The Reasons that Led Greek PM Samaras to Call for Vote of Confidence



Samaras_parliament1Greek Prime Minister Antonis Samaras plans to request a vote of confidence on Monday, prompting a three-day debate which is likely to commence on Wednesday.

The Prime Minister’s decision – supported by government Vice President Evangelos Venizelos – was announced by government spokesperson Sofia Voultepsi following a meeting between the two leaders. The purported reason behind the vote is to quell rumors about potential early elections.

Members who support the ruling coalition will now be requested to state in a parliamentary session whether they support the Samaras regime. The vote will come while the troika is in Athens to evaluate Greece’s financial reforms.

With this move, Samaras is trying to rally the support of the 154 MPs who now stand by the current government. He also hopes to silence any dissidence in the ranks.

The vote is a politically-calculated gesture: Nobody can deliver a “yes” vote and then continue criticizing Samaras’s judgment, particularly where ongoing troika talks are concerned.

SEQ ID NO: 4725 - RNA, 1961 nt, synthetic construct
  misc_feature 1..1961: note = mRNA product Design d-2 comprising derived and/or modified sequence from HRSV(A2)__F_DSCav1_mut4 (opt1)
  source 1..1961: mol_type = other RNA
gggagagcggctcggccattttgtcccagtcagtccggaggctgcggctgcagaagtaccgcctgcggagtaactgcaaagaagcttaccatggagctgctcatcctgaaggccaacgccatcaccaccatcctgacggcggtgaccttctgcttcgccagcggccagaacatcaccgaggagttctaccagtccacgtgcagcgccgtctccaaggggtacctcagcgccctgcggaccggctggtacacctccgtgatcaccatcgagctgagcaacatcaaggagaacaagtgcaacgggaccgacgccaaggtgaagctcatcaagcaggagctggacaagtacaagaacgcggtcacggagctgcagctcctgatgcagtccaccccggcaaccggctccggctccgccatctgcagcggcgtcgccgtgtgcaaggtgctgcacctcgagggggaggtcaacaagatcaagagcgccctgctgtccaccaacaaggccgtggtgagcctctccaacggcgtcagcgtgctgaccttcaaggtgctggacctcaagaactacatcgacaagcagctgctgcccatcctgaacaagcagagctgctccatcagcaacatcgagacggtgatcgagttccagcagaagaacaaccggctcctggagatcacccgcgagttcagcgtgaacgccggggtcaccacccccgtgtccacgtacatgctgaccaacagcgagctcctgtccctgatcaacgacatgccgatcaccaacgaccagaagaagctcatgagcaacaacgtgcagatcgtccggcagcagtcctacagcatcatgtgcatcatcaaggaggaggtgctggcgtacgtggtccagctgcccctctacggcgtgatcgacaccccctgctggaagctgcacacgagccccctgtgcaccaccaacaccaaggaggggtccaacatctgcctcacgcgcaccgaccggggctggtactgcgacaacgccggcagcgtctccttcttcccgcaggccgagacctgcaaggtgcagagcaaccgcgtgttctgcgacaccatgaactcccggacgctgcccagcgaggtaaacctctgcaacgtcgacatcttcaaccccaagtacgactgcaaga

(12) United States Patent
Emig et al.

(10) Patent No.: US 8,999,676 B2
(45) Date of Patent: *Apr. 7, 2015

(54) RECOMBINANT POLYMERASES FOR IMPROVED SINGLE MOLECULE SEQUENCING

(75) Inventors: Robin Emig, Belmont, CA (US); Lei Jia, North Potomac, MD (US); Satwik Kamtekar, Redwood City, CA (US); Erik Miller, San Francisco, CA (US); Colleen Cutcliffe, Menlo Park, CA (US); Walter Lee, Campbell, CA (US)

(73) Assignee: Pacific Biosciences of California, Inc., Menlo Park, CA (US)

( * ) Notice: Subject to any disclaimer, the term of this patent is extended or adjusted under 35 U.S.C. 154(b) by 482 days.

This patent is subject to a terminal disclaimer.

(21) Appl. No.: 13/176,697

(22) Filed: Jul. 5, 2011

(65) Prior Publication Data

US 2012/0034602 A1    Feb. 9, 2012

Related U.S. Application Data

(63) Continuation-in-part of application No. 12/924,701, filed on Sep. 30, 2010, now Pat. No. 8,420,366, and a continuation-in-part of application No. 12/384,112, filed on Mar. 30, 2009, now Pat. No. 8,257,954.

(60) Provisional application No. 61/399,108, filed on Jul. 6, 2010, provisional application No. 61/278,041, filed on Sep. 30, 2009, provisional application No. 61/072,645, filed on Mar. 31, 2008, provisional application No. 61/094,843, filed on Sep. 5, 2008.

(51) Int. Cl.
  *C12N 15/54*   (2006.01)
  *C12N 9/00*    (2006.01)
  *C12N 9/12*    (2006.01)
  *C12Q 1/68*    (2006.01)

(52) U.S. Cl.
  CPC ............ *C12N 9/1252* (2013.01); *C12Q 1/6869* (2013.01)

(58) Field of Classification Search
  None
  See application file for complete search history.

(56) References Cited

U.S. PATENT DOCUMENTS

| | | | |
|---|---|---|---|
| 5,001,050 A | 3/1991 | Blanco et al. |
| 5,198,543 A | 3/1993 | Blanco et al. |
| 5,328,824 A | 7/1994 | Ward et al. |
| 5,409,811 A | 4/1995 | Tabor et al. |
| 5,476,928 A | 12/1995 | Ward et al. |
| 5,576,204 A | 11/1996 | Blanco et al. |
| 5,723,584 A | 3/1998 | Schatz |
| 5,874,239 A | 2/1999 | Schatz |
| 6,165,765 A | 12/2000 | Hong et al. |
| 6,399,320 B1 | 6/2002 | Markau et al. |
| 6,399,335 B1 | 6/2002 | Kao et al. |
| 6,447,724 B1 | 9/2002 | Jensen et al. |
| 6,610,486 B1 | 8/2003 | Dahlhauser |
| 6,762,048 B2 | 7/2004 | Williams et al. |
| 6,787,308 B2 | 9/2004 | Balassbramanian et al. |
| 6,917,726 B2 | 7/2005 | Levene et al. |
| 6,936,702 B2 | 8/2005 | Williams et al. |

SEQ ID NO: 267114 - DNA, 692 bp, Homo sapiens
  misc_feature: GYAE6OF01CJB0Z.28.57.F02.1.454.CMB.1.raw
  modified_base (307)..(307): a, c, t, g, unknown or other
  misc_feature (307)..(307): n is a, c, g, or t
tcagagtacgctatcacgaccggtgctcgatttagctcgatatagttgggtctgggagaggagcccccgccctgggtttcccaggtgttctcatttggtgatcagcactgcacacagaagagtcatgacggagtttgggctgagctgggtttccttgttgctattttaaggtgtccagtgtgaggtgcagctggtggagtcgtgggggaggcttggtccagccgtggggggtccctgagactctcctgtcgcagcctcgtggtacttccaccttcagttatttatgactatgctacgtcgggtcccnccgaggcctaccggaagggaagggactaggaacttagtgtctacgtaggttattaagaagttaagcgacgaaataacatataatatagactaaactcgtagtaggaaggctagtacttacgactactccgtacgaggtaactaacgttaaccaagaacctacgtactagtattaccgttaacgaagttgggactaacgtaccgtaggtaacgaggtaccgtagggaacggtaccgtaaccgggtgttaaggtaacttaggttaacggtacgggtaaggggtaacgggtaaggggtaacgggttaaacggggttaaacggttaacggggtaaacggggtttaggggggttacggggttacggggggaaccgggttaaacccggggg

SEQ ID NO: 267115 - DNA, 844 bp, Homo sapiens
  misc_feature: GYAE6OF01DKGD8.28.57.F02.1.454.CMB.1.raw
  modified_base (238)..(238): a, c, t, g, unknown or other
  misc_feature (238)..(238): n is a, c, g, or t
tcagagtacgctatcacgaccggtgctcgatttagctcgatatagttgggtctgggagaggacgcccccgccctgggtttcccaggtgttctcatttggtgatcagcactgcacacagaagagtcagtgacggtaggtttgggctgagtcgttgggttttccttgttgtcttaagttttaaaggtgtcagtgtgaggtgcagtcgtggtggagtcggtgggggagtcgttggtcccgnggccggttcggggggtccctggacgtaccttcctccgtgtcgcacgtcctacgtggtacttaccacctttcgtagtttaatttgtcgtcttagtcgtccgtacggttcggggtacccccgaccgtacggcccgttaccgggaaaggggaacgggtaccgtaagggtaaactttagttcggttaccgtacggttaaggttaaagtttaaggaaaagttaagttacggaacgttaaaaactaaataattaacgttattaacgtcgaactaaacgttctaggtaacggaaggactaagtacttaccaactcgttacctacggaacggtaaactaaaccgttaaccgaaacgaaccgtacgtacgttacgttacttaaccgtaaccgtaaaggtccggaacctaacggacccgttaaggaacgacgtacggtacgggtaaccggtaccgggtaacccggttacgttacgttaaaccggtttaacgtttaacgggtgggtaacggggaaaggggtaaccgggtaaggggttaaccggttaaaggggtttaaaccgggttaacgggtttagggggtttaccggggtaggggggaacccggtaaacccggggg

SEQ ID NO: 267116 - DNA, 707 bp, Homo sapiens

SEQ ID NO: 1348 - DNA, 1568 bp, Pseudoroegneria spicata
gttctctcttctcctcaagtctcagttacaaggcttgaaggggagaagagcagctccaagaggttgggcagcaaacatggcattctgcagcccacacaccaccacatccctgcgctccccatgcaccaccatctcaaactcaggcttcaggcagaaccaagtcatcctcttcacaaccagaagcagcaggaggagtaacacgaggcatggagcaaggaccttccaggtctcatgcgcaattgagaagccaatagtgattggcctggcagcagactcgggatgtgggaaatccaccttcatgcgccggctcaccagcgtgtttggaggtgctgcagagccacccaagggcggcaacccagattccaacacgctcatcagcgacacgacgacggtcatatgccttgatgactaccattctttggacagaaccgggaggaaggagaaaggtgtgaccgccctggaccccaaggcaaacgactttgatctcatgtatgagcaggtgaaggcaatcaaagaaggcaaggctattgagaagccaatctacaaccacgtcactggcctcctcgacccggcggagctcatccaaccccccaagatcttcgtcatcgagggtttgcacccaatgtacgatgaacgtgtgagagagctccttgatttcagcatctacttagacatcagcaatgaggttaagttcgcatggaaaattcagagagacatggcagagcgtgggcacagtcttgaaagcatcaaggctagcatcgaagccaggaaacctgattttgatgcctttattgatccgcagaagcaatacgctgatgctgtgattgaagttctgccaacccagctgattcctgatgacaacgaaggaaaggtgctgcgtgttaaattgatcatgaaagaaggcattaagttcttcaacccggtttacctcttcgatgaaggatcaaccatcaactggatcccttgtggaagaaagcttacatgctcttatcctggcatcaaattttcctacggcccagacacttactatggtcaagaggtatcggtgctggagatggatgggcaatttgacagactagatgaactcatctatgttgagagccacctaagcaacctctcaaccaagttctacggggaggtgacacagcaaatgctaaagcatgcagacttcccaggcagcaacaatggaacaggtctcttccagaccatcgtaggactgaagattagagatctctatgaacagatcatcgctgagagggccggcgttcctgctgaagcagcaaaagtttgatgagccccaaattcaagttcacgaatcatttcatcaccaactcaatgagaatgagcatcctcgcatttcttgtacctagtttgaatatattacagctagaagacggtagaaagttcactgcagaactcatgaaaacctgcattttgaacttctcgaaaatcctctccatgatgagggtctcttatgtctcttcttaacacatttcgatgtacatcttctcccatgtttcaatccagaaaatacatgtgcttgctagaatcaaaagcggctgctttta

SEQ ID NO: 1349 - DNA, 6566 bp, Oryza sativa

In short, the government is trying to “cluster” government MPs and to gain time – until Christmas at the earliest – to proceed with the reforms required by the troika.

The upcoming debate will see a long-awaited clash with SYRIZA in both the political and economic arenas. To counter SYRIZA’s promises to the Greek people, the Samaras government is reportedly prepared to announce tax breaks and a potential scenario by which Greece can finally exit the memorandum.

The rub is not only to convince 154 MPs – and perhaps more – of the viability of the current government; next spring’s election of a president of the Greek Republic must also be brought to the table. If this issue is resolved, SYRIZA will have lost its major playing card in calling for early elections.

In keeping with the tenets of the Greek Constitution, a blessing will take place before the regular Plenary session before the Parliament begins its Monday session. The government will then submit its request for a vote of confidence. The proposal will probably be deliberated until Wednesday. Two days of debate will follow. We can expect a vote on Friday or Saturday night.


1 COMMENT

  1. If you call this analysis, your readers must be disappointed. And since when is the Samaras government a “regime?”